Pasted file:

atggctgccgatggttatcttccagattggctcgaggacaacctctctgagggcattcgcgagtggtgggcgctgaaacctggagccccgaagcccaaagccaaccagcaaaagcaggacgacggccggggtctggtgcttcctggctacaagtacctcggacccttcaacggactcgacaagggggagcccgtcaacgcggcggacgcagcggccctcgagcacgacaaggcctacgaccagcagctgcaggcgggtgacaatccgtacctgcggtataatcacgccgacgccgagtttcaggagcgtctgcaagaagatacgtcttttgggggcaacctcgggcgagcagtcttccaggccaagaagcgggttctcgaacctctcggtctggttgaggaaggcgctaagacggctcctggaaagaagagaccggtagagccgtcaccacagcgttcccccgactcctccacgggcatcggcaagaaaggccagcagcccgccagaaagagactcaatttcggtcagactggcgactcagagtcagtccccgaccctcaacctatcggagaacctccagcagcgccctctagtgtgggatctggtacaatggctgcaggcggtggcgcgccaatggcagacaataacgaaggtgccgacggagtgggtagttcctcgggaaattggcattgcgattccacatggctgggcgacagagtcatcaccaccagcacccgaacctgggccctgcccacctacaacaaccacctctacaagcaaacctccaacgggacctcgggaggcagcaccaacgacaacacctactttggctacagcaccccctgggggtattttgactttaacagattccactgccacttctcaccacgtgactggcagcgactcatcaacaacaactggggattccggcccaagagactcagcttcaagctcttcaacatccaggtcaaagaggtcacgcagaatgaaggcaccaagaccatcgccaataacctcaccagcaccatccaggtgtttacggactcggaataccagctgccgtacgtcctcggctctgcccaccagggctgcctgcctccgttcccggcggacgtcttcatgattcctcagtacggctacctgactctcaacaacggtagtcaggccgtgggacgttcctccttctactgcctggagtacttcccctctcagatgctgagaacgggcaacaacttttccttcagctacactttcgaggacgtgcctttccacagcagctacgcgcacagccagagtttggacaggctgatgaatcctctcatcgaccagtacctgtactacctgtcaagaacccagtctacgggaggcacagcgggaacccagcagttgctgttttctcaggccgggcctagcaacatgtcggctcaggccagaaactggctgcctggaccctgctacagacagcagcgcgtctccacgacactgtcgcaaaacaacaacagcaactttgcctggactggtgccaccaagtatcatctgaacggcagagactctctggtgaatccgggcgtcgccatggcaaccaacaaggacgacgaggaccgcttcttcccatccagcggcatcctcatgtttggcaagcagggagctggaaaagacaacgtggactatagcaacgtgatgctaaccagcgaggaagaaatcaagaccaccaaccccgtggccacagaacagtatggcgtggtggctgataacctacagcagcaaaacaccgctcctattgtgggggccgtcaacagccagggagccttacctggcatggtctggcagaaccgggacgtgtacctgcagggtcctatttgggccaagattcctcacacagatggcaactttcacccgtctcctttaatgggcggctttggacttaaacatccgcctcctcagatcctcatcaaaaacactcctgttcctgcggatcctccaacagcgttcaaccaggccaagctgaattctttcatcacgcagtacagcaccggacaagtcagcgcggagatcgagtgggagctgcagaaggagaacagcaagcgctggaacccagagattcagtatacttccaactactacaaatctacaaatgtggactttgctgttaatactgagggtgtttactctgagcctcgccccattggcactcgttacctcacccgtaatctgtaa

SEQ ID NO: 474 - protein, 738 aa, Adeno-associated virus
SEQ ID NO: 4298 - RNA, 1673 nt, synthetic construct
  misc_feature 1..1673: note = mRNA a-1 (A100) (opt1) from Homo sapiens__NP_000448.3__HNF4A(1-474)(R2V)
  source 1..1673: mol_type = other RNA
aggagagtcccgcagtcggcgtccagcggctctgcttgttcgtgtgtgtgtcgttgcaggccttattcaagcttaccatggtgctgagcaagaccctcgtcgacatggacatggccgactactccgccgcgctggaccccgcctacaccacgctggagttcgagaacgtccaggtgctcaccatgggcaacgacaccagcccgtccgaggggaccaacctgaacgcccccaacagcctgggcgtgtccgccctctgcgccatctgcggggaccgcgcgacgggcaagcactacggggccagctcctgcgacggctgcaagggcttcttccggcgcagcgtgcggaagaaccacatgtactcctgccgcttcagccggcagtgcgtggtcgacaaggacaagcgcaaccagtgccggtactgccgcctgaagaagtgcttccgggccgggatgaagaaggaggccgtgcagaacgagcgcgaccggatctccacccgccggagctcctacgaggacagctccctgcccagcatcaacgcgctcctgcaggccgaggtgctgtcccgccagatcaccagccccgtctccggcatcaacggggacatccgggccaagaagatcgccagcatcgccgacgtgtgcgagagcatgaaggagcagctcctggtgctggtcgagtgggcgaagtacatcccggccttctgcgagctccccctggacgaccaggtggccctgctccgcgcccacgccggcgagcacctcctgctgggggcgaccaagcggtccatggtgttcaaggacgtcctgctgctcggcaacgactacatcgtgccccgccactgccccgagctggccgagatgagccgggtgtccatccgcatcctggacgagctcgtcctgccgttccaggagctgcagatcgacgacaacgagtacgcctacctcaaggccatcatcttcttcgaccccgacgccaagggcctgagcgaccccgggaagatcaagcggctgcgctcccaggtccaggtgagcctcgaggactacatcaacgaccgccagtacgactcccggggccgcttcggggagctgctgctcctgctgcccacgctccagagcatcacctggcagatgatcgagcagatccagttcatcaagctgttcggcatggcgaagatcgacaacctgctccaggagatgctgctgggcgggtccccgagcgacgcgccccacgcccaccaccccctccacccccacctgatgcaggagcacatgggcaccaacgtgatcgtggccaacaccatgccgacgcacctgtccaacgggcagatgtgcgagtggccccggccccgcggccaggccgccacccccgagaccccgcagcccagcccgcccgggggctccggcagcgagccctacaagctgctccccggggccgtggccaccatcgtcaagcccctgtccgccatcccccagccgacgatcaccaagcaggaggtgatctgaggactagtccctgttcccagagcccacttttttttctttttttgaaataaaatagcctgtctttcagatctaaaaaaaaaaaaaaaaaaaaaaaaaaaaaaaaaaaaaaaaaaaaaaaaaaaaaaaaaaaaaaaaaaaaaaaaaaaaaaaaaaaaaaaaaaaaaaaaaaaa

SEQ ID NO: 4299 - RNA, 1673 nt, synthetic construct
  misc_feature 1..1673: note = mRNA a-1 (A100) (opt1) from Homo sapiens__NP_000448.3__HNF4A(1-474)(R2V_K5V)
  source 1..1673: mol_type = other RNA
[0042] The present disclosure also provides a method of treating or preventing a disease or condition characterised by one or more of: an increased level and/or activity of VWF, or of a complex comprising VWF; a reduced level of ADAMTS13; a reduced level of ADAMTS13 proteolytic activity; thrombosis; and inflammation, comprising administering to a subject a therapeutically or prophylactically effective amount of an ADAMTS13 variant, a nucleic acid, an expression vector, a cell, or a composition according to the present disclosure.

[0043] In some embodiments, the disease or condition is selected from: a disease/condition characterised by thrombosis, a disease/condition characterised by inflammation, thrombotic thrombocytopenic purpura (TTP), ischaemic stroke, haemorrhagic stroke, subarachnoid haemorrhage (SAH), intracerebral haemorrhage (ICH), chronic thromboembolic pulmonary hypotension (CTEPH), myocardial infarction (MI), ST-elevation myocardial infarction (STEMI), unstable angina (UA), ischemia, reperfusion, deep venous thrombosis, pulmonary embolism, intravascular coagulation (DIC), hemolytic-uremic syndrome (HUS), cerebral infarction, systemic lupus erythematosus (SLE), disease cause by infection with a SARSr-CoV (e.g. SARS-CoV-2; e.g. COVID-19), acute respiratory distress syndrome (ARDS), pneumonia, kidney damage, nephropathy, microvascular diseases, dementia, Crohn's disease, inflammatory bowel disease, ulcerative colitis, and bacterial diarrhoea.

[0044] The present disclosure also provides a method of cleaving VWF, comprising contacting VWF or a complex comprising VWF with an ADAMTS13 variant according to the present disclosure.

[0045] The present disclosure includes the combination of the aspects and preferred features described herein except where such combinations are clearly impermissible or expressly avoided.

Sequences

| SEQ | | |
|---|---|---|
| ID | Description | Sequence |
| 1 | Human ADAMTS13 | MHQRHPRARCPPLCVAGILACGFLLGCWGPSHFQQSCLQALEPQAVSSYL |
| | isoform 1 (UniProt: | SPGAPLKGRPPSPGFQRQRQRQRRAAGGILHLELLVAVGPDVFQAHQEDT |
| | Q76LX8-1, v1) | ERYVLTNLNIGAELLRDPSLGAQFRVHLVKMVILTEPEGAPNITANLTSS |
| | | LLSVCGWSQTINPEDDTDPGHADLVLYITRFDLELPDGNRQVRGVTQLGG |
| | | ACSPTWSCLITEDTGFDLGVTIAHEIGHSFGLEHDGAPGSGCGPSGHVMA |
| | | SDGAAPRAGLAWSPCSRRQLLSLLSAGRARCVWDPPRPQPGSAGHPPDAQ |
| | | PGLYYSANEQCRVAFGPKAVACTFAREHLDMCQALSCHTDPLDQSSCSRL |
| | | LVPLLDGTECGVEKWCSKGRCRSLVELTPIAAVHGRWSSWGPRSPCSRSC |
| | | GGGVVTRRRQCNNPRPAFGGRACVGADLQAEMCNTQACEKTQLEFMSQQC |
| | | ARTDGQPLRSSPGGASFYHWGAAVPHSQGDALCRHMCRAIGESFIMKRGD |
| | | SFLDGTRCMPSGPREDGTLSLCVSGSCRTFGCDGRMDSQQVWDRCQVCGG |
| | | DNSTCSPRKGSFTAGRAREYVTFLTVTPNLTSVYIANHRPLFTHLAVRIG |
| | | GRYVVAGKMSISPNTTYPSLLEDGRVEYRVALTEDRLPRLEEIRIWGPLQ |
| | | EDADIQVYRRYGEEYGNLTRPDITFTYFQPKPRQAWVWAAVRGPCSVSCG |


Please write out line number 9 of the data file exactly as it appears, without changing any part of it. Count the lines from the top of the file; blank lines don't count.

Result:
  source 1..1673: mol_type = other RNA